The Importance of Language Education to Cultural Exposure

Are you trying to learn another language?

Whether you’re studying Mandarin in college, learning French for an international trip or taking up German as a hobby, becoming fluent in another tongue may seem more challenging than you expected.

In the United States, most students aren’t offered foreign language education until they reach high school. Because language learning is easier at a younger age, teenagers and adults often have a hard time mastering a second language at first — but that doesn’t mean you should give up. In fact, learning another language can be one of the most valuable experiences of your life, both for your brain function and your cultural understanding.

Here’s why language education is crucial to broadening your worldview and overall perspective:

Strengthens Your Brain

Learning a new language stretches your capabilities to new heights, challenging your brain every time you use it. Studies have shown that language education helps to improve cognitive development, creativity and divergent thinking.

One study linked being bilingual or polyglottal with improved higher math skills, while another found that students who study a foreign language do better on standardized tests. The longer they studied the new language, the better these students’ test scores became.

 

Opens a World of Doors

In some fields, foreign language fluency makes you more appealing to your employers. Demand for bilingual workers has doubled in the last five years and is expected to continue to climb in the coming decades. Many companies are specifically looking for applicants that can speak Spanish, Chinese, and Arabic, among others. Learning a new language opens a world of doors when it comes to job applications and career opportunities.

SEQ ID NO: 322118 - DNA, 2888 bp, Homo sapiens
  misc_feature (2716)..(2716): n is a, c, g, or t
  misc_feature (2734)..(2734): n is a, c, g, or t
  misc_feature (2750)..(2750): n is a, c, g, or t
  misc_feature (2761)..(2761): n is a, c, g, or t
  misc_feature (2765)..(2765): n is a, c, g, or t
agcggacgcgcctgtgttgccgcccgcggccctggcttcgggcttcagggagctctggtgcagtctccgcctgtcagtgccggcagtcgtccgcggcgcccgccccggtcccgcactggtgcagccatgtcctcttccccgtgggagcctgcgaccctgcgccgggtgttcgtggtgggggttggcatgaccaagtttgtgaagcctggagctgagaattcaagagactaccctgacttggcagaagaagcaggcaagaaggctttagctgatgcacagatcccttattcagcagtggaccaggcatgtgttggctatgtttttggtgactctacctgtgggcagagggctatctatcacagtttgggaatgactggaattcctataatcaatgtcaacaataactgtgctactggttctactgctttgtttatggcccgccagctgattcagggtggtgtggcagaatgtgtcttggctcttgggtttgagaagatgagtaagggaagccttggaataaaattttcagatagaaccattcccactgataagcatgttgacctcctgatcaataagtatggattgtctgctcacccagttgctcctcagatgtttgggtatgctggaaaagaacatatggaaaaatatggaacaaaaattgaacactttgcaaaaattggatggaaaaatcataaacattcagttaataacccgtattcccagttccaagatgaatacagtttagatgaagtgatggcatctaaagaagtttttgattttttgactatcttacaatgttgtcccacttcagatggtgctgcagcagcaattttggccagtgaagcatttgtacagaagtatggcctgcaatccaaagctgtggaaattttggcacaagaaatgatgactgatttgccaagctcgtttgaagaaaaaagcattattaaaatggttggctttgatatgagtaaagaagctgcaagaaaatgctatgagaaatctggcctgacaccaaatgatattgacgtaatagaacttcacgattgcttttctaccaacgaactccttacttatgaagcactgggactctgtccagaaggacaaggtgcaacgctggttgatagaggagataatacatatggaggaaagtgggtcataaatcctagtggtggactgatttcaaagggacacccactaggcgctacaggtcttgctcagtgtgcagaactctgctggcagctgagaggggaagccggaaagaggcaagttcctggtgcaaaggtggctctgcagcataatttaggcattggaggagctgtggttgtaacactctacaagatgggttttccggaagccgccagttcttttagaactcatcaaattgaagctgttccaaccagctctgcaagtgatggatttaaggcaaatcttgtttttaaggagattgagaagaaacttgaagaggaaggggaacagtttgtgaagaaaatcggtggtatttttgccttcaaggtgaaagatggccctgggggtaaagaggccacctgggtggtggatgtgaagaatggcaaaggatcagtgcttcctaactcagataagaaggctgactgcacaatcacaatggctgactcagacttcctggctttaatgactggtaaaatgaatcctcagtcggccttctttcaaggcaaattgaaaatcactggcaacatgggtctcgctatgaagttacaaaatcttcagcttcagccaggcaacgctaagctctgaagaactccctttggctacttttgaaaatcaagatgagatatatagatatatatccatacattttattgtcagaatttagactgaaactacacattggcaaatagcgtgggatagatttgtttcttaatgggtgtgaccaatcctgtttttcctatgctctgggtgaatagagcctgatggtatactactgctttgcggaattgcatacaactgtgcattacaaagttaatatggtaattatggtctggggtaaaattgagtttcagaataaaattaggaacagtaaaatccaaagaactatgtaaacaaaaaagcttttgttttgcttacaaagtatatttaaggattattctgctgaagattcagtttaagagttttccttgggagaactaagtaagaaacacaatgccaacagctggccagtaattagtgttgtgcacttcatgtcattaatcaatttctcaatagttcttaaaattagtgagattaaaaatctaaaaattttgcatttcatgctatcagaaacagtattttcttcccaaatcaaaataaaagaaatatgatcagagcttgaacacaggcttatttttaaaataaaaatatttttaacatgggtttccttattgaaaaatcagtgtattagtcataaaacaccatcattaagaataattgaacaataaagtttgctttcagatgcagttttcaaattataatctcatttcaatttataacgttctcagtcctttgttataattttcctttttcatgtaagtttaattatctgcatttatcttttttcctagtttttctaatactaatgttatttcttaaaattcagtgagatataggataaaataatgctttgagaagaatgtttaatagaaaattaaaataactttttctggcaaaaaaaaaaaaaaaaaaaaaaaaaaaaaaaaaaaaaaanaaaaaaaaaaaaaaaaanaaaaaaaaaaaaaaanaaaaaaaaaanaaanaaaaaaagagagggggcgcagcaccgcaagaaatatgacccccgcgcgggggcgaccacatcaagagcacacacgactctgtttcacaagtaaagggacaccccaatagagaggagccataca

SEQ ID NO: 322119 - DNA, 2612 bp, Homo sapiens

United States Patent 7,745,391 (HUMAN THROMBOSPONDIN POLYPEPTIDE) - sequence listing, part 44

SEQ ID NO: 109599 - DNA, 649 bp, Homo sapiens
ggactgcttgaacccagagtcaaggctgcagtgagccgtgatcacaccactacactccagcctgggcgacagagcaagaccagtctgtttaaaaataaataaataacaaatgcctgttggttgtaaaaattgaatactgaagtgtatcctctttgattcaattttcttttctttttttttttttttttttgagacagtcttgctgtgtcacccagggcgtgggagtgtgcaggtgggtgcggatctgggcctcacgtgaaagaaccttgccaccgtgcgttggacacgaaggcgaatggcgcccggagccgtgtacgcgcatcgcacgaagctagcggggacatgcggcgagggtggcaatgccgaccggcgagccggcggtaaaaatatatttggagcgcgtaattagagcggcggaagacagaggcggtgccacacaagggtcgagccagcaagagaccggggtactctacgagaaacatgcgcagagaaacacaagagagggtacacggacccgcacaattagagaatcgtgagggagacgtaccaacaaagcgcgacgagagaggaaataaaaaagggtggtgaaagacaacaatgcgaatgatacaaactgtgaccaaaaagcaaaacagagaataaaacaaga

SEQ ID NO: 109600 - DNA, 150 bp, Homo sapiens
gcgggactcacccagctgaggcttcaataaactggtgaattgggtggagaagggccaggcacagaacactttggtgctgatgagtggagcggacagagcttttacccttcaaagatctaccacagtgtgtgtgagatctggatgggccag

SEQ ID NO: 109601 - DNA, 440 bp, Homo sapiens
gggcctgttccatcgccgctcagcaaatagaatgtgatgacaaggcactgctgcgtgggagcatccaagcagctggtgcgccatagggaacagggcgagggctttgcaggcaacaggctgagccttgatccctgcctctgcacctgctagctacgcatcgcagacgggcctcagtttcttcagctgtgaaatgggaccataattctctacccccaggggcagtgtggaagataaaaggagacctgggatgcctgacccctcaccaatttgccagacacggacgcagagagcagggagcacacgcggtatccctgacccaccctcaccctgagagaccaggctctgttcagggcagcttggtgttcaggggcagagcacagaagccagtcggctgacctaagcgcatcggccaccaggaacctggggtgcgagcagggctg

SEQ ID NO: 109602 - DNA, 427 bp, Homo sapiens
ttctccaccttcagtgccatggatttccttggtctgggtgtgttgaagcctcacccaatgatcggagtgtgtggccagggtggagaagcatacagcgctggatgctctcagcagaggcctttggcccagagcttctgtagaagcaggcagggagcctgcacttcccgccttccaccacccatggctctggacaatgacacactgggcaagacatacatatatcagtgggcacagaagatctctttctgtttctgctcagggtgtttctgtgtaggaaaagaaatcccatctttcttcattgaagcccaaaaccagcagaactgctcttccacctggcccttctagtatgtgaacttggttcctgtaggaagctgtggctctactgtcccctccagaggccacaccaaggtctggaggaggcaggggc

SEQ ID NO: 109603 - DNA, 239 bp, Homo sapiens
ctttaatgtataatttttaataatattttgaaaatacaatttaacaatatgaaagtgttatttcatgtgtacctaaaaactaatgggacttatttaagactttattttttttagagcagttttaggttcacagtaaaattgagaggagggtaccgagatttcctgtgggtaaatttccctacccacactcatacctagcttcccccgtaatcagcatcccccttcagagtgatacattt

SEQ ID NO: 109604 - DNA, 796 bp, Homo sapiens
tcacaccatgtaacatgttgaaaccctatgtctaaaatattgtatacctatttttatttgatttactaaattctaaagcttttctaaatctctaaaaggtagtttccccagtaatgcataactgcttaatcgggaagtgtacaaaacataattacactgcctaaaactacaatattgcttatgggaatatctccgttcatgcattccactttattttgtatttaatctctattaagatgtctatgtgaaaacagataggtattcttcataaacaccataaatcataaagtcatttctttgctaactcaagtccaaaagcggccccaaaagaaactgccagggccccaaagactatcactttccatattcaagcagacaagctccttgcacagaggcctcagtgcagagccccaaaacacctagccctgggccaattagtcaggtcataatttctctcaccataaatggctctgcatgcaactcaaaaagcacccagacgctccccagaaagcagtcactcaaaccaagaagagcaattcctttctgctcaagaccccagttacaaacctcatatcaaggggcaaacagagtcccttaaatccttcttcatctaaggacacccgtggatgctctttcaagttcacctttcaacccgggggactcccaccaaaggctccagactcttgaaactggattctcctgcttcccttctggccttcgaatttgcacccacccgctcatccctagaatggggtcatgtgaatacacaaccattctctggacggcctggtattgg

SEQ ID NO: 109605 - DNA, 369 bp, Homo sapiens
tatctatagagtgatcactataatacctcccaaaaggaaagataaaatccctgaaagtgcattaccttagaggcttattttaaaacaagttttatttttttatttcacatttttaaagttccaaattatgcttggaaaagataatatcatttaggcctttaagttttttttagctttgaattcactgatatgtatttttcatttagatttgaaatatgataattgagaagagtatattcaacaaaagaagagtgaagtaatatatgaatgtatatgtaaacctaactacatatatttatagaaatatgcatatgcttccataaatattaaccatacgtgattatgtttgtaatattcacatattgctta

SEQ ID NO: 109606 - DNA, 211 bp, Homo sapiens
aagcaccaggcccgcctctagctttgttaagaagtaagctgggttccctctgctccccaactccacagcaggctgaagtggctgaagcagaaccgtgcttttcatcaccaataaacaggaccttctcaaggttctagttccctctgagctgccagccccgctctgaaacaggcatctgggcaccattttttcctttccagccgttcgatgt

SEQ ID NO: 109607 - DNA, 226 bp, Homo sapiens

Foreign language also opens doors for students who might be looking to study abroad. Learning the language of your host family can help you make connections, teach you to communicate and provide you with enriched cultural insight. If you’re planning on heading overseas for school or work studies, make it a point to learn the fundamentals of the local language.

Provides a New Perspective

In the 2016 movie Arrival, Amy Adams’ character talks about the Sapir-Whorf hypothesis, which claims that the structure of a language affects the speaker’s worldview. Essentially, the language you speak changes the way you perceive experiences, life and other people.

Also known as linguistic relativity, this hypothesis shows that the languages you learn change the way you see the world — which means learning a new language can expose you to a cultural worldview you might not have otherwise experienced.

Makes You More Logical

Human beings are emotional creatures, which can sometimes make it difficult for us to come to purely logical decisions. Learning a language can help with that. Studies show that when you’re multilingual, thinking in your secondary language can enhance your ability to make logical decisions by improving your analytical abilities.

This outcome increases when you learn the second language later in life — because the language doesn’t come naturally and you need to consciously choose the right words, your brain doesn’t have the time or processing power to be emotional. This is just another unique way language learning develops your brain and cultural understanding.

Start Learning Today

As an adult, learning a second language may be more difficult than it would be as a child, but it’s still possible. Whether you’re studying abroad, seeking a new career, or just looking for a way to train your brain, start practicing and learning a new language today.

Language learning tools are everywhere — from the internet to phone apps to online or local classes. Learning a new language will do more than challenge your cognitive abilities — it will enrich your cultural experiences and evolve your view of the world itself.


Alyssa Abel is an education blogger with a special interest in study abroad, language learning and cultural education. Read more of her work for students and educators on her blog, Syllabusy, connect with her on Facebook or follow her on Twitter.